Can my landlord withhold my security deposit because the final water bill that was in my name has not been paid?

UPDATED: Oct 5, 2011

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Can my landlord withhold my security deposit because the final water bill that was in my name has not been paid?

I moved from my former residence one month ago. A month before, I discovered a water leak in the bathroom and reported it to my landlord. He sent someone out to look at it and told me he would take care of the leak when I moved out. After one month of the leak getting worse, which I informed him about, the water bill is now much more than usual (for a 3 month period, the bill is about $300, but 1 month it was over $400). He is now telling me that he will keep the security deposit for the large water bill and another bill. Can he do that?

Asked on October 5, 2011 under Real Estate Law, Pennsylvania


M.T.G., Member, New York Bar / FreeAdvice Contributing Attorney

Answered 11 years ago | Contributor

Here is the law in the state of Pennsylvania:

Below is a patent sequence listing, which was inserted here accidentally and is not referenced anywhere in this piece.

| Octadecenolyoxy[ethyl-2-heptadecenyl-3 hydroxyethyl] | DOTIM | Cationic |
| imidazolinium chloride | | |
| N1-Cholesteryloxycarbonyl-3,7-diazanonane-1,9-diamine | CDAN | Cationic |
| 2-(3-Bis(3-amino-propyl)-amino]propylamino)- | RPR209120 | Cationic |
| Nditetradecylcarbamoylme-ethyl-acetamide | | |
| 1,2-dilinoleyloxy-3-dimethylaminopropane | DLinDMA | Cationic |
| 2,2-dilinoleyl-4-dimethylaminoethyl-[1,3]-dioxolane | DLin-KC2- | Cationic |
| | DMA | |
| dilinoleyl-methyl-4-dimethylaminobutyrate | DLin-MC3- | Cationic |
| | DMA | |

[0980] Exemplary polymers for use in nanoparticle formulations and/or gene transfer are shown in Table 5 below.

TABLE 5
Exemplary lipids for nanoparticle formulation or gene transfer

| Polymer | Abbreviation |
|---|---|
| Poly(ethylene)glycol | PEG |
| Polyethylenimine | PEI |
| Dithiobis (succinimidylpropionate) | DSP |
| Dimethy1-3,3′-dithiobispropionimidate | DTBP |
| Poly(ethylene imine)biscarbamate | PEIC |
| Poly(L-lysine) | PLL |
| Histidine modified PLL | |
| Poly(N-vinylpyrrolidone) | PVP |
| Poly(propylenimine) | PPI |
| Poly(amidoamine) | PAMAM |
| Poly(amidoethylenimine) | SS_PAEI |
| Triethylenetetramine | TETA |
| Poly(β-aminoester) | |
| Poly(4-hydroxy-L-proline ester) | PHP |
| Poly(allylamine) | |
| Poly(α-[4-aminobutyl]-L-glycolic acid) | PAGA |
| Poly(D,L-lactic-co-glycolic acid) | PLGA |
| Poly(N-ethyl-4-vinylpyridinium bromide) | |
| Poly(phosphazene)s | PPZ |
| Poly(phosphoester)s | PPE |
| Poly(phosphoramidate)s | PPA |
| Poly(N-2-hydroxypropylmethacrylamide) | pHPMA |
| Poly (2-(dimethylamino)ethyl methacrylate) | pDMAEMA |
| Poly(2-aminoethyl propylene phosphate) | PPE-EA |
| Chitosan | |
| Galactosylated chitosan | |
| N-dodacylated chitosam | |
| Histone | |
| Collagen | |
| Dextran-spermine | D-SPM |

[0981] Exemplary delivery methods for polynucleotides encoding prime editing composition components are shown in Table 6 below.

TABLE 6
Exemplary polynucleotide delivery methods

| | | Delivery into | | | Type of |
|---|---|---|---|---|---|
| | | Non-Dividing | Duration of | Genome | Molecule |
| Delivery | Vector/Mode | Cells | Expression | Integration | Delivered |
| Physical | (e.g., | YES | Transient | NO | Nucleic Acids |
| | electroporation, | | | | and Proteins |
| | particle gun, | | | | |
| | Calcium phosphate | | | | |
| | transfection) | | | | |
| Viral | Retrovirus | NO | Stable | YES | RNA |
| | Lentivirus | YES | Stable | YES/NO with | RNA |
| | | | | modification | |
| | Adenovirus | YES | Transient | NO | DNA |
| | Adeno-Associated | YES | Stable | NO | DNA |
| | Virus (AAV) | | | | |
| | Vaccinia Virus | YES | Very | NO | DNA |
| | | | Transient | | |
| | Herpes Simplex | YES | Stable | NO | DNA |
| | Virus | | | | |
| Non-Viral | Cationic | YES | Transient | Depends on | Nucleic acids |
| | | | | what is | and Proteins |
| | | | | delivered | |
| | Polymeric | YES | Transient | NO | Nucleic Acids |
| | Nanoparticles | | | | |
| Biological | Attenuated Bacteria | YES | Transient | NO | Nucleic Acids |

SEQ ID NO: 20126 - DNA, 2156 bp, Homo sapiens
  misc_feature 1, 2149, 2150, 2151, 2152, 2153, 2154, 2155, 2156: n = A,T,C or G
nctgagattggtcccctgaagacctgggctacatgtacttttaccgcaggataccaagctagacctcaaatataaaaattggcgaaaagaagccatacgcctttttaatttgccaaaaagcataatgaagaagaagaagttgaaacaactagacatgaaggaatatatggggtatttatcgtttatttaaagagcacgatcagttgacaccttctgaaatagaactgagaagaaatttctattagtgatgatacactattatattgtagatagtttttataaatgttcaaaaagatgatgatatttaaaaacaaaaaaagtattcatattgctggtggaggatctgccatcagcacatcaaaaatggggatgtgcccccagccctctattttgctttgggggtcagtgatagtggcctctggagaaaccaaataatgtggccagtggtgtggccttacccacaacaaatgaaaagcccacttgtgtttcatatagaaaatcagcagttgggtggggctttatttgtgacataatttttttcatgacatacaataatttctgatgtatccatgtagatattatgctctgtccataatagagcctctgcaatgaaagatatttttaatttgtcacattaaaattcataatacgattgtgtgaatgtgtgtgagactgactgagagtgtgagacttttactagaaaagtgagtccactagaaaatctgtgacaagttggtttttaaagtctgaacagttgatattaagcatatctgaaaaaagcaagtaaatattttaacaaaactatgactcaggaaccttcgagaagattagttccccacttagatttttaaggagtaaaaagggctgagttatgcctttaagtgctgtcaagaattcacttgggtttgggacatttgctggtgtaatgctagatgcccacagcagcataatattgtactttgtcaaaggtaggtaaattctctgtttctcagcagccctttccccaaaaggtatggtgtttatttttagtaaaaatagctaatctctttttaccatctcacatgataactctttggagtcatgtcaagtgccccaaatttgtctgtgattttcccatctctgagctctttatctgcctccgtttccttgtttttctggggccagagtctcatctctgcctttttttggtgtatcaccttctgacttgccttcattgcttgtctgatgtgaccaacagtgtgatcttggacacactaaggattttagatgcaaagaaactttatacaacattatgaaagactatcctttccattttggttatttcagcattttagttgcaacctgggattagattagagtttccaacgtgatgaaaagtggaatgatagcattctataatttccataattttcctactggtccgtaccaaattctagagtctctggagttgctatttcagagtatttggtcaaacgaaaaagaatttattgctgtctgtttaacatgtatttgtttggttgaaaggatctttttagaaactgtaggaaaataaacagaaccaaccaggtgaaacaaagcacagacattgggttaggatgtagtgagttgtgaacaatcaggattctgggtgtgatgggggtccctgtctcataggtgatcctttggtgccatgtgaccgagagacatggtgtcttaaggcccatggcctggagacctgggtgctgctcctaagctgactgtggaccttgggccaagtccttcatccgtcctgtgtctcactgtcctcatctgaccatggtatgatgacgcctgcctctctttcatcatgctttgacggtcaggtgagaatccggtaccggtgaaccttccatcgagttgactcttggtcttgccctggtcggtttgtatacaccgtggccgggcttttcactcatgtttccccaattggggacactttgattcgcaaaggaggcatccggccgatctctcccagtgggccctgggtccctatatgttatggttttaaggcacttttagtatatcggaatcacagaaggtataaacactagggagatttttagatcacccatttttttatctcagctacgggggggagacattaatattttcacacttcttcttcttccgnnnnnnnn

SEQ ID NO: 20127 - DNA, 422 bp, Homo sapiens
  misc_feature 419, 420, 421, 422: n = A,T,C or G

"Every landlord shall within thirty days of termination of a lease or upon surrender and acceptance of the leasehold premises, whichever first occurs, provide a tenant with a written list of any damages to the leasehold premises for which the landlord claims the tenant is liable. Delivery of the list shall be accompanied by payment of the difference between any sum deposited in escrow, including any unpaid interest thereon, for the payment of damages to the leasehold premises and the actual amount of damages to the leasehold premises caused by the tenant. Nothing in this section shall preclude the landlord from refusing to return the escrow fund, including any unpaid interest thereon, for nonpayment of rent or for the breach of any other condition in the lease by the tenant."

It is the last line above that makes me believe that if the water bill or any other bill was a condition as written in the lease then the landlord will have the right to with hold the security deposit.  I would speak with a tenant's rights organization and bring a copy of your lease agreement.  Good luck.

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